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The Student News Site of Fresno Christian High School

The Feather

The Student News Site of Fresno Christian High School

The Feather

Letter to the Editor
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To quit or not to quit?

In the three and a half seasons I have played football, morale has never been lower. Until last week, I had never really thought about quitting, let alone seriously considered it.

I have never missed a practice, despite three shoulder dislocations and a previous back injury. I am a captain, so committment is expected. But when even the captains are no longer excited to play, football can take a dramatic turn for the worst.

Losing games is certainly discouraging, but that is hardly the only factor in the team’s current attitude.

From Monday to Friday we play football. We fight through bad knees, injured backs and strained muscles. We finish six hours of school only to crawl through another four hours of football. Theoretically, it’s all supposed to pay off on Friday night.

Our 2-4 record indicates otherwise. We have lost at least one player each game to injuries, only to watch the win slip through our fingers once again.

When only 13 healthy varsity players suit up for practice, it becomes difficult to cultivate a spirit of competition. While other teams have the numbers necessary to hone their skills, we are forced to develop our game using coaches or JV players to fill empty spots.

At this point I am so discouraged that I do not even want to talk about football, let alone play it. So why do we keep going? I think every one of us has our own reasons that keep us coming out to the field every day.

For me, I love the physicality of the game. I have played just about every other sport, and none of them compare. I love the fact that in football every part of myself is required.

Another reason that I will not quit is because I would never leave my teammates behind. We have spend entire seasons together; some of us have been on the same team for three and a half years now. This camaraderie keeps me committed in times like these when nothing else does.

One thing, however, is true for all of us. Deep down we all know that this is life. We are learning how to take a hit, get back up and do it again. We know that now is the time we decide how we will live, so we cannot just give up.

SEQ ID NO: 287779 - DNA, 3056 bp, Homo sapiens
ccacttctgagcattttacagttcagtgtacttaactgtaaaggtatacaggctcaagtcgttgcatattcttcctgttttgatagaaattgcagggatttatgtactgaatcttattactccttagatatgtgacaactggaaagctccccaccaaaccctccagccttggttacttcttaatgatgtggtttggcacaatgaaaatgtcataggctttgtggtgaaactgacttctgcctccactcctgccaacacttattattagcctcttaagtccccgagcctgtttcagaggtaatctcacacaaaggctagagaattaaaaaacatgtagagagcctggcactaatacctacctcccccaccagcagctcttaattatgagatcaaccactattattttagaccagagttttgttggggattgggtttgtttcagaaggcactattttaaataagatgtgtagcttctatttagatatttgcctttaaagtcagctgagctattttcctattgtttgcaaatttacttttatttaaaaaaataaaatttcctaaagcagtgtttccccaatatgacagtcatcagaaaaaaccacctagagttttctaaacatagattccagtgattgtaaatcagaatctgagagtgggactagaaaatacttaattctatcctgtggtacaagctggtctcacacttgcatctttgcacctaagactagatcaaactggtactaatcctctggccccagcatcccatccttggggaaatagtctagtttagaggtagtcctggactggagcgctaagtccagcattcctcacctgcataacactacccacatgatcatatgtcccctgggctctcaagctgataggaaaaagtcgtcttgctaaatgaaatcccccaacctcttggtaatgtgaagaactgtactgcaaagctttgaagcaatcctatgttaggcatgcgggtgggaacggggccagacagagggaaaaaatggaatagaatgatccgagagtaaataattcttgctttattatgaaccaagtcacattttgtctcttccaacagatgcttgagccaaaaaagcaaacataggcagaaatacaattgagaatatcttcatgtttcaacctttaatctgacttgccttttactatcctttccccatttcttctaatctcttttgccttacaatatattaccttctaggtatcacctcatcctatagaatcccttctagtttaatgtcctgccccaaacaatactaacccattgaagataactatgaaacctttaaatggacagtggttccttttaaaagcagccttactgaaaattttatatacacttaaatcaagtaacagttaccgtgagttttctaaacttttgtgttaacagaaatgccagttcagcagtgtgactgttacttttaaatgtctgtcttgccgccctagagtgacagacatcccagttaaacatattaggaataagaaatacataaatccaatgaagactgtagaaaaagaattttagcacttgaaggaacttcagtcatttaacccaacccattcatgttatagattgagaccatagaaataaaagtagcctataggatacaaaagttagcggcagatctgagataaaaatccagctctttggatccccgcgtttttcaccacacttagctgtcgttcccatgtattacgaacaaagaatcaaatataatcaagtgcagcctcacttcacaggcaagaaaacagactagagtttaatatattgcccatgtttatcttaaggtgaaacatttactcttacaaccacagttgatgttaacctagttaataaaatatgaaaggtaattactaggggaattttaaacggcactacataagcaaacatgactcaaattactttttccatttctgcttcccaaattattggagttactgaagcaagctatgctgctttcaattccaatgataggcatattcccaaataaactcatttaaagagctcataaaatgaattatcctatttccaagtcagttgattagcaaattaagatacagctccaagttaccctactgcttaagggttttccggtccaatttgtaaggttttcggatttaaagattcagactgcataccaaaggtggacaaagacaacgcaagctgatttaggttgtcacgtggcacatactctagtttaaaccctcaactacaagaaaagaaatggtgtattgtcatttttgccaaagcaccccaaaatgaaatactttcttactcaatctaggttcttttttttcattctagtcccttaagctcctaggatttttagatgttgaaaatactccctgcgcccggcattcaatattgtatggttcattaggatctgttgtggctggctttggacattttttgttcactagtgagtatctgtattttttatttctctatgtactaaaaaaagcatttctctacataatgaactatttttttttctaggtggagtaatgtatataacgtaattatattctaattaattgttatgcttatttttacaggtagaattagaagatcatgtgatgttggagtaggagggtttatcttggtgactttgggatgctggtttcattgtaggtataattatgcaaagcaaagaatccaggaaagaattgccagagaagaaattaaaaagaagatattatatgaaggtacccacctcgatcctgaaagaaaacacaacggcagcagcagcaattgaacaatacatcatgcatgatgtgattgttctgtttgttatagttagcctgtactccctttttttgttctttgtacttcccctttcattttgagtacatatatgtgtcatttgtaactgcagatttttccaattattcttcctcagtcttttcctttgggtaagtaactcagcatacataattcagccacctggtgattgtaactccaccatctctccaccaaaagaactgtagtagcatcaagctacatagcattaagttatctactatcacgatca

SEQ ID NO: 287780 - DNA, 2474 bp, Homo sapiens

It is hard to get any sympathy, talking to teachers and other adult friends. Mr. (Greg) Stobbe, for instance, expressed much the same sentiment about his job. He said sometimes he wants to just give up teaching. Often he feels like he is not making a difference or the kids do not want to learn. Yet he keeps coming to work, day after day.

Football is an extra-curricular activity. No one is forcing us to do it; there will still be food on the table if we were to walk away today. Even so, I do not think there is a difference between football and the rest of life.

After 18 years of dealing with life’s hardships, I have begun the learning process. There are times when my teammates and I just want to give up–times when nothing is going our way. There are times when we pour everything we have into something, and we do not get anything back.

I can remember talking with Mr. (Lonnie) Godfrey two years ago in math class. He would get mad at me because he thought I spent too much time on football. One day I responded by telling him that football was just as important as school. I told him that I learn just as much, if not more, than I do from his class.

To this day I maintain that same stance. School may teach me how to count atoms or write essays, but football teaches me how to keep going. It teaches me that sometimes we have to just gut it out. Sometimes we will win, sometimes we will not, but quitting never got anyone anywhere.

The exciting thing about life is things can change in a heartbeat; we beat Farmersville in over-time on Friday and I’ll be at practice on Monday.

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